Perception is Everything

In the Air Force there were strict rule of Do’s and Don’ts, common phrases, acronyms, and eloquent, but to the point statements. One that has stuck with me is “Perception is Everything.”

 

Metamorphosis I

Metamorphosis I (Photo credit: Wikipedia)

 

It doesn’t matter that the truth is different, it is what it looks like that matters.

The statement came about while we were in class about PDA (public display of affection) and Fraternization is punishable under the UCMJ. Fraternization is where one person is involved with another of a higher rank and favoritism may occur.

The story went that an officer was hanging out, off duty, with an enlisted member. The relationship was strictly platonic and no favoritism was directed toward the enlisted member, but the familiarity between the two lead the enlisted peers to think they were more than friends. Because of this perception, the enlisted member was court martialed and the officer reprimanded.

During the court martial it was shown that there was no favoritism by the officer toward the enlisted; however, the perception persisted and even though the enlisted person was exonerated of all charges, the career was short lived.

While we cannot live up to everyone’s expectations, real or perceived, unless you want to live in an isolated world, perceptions do impact you and the way you live your life. You can minimize the impact or misleading perceptions by communicating better with the people in your life, but ultimately people will perceive you their own way. Just look at social media and they way we perceive people we don’t know based on a comment here or there without any of the background to put the issue in context.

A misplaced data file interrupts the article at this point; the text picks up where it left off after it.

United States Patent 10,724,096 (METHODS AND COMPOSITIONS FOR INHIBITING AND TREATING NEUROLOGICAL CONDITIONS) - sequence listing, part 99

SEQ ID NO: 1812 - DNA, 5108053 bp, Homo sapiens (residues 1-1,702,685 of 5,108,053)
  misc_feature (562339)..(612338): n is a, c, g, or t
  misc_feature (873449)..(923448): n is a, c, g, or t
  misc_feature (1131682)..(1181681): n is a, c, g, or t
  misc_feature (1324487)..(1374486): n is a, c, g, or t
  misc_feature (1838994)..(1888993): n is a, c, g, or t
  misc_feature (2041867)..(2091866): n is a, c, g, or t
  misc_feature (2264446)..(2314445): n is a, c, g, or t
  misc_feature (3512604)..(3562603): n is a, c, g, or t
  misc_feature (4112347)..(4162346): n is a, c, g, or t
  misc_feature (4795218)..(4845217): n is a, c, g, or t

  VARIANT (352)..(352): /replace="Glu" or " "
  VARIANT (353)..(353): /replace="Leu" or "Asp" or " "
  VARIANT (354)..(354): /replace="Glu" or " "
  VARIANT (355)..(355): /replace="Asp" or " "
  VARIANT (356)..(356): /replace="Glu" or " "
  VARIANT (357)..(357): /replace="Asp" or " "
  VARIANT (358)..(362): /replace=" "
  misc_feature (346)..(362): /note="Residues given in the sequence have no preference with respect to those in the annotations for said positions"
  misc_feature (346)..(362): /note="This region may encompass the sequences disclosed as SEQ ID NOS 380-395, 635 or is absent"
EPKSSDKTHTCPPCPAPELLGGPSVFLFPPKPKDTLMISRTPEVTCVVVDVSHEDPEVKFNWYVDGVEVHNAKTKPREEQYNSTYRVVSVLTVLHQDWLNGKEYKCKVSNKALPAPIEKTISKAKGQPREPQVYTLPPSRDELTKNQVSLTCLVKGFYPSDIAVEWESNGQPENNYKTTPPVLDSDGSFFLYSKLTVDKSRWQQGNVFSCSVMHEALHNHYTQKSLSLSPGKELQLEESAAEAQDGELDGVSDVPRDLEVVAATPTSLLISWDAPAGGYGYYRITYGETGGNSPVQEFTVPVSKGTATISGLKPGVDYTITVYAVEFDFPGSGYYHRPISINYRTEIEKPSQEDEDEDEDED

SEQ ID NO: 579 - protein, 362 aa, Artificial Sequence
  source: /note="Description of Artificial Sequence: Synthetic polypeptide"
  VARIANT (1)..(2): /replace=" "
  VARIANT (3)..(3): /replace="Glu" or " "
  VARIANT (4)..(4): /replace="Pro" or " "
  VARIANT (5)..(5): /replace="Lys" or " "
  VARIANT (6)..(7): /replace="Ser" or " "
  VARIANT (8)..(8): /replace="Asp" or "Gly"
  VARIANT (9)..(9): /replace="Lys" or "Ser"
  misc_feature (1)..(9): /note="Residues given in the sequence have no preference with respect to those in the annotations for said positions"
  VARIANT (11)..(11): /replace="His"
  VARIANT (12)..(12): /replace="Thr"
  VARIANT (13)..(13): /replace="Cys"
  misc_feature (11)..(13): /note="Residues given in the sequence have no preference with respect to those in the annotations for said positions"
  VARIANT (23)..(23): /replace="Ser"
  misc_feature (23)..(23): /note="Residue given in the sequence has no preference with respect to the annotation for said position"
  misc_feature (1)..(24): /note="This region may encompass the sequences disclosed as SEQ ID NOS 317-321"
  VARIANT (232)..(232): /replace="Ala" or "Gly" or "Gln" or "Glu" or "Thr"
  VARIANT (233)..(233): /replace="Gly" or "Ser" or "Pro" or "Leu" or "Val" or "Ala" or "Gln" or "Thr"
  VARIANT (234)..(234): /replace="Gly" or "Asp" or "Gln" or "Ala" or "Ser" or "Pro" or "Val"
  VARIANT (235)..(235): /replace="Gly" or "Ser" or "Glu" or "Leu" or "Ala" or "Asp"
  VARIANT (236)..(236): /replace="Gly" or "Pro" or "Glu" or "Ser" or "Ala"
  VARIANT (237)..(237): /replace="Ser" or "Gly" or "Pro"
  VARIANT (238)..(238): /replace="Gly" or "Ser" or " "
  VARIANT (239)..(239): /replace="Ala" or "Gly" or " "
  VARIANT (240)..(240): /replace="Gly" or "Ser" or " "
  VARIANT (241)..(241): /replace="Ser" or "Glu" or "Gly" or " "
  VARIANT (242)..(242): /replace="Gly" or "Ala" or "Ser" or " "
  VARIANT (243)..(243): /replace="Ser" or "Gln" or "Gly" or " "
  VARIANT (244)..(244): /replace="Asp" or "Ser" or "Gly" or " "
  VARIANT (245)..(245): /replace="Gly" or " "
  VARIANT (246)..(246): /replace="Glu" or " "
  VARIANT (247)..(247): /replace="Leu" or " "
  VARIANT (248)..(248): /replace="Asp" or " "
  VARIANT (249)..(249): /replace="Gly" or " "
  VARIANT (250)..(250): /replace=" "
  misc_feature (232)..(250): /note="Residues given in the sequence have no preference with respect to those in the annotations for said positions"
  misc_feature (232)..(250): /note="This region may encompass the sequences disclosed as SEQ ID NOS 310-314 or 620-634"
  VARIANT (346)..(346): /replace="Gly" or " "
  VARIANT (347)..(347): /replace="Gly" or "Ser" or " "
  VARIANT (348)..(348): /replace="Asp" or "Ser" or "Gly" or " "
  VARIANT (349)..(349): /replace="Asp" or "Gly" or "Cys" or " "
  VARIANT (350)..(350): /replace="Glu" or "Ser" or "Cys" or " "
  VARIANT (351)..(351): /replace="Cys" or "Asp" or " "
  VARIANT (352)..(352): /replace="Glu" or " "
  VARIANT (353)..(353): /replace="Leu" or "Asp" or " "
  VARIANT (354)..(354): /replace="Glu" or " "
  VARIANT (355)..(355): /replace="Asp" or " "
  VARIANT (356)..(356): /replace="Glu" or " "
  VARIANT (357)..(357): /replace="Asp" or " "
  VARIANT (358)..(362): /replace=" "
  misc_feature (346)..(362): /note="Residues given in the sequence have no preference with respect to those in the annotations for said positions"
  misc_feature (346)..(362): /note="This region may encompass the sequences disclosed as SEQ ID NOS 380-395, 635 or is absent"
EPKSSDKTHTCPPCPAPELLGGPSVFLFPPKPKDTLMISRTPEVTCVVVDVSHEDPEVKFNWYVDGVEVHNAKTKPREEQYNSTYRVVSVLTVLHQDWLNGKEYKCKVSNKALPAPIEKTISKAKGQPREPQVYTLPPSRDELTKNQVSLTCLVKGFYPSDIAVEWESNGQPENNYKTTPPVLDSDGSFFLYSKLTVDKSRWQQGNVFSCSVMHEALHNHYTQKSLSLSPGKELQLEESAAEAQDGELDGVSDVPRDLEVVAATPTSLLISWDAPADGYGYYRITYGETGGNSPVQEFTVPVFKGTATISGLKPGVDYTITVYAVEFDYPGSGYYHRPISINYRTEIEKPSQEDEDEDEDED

A few months back a Jersey friend of mine was stating how it was cool that I could move on with my life and go where I needed (or thought I needed) to go. She wished, in some ways, that she could too. I laughed because on the flip side, my perception of her life was something I aimed for. A life full of family and friends, people to meet and share memories with.

As I was writing this piece, perception came up again with a Virginia friend. We were commiserating about where we are in our life. Neither one of us were where we dreamed we would be. It’s not that life is bad, but we wanted more or rather different people and places and experiences at this stage in life. During this exchanged she pointed out all that I had accomplished, been, and currently have in my life. My perception was not on what was, but what I’m missing; it’s not that I’m missing a lot, but a couple key pieces that make the rest of my life blur.

On the flip side, my perception of her life was, like my Jersey friend, one of warmth of family and friends, of holiday’s and places and experiences shared by loved ones.

As close as I am with both these people,it’s amazing that the perception we have about the other is focused on something different that what we internally see as complete. While none of us are unhappy, I think we each recognize there is that small piece or two that we don’t have in our current life that might just make us complete.

Perception is everything. It makes us happy or sad or wanting what someone else has. Change your perception and you might just change your life for the better.

 

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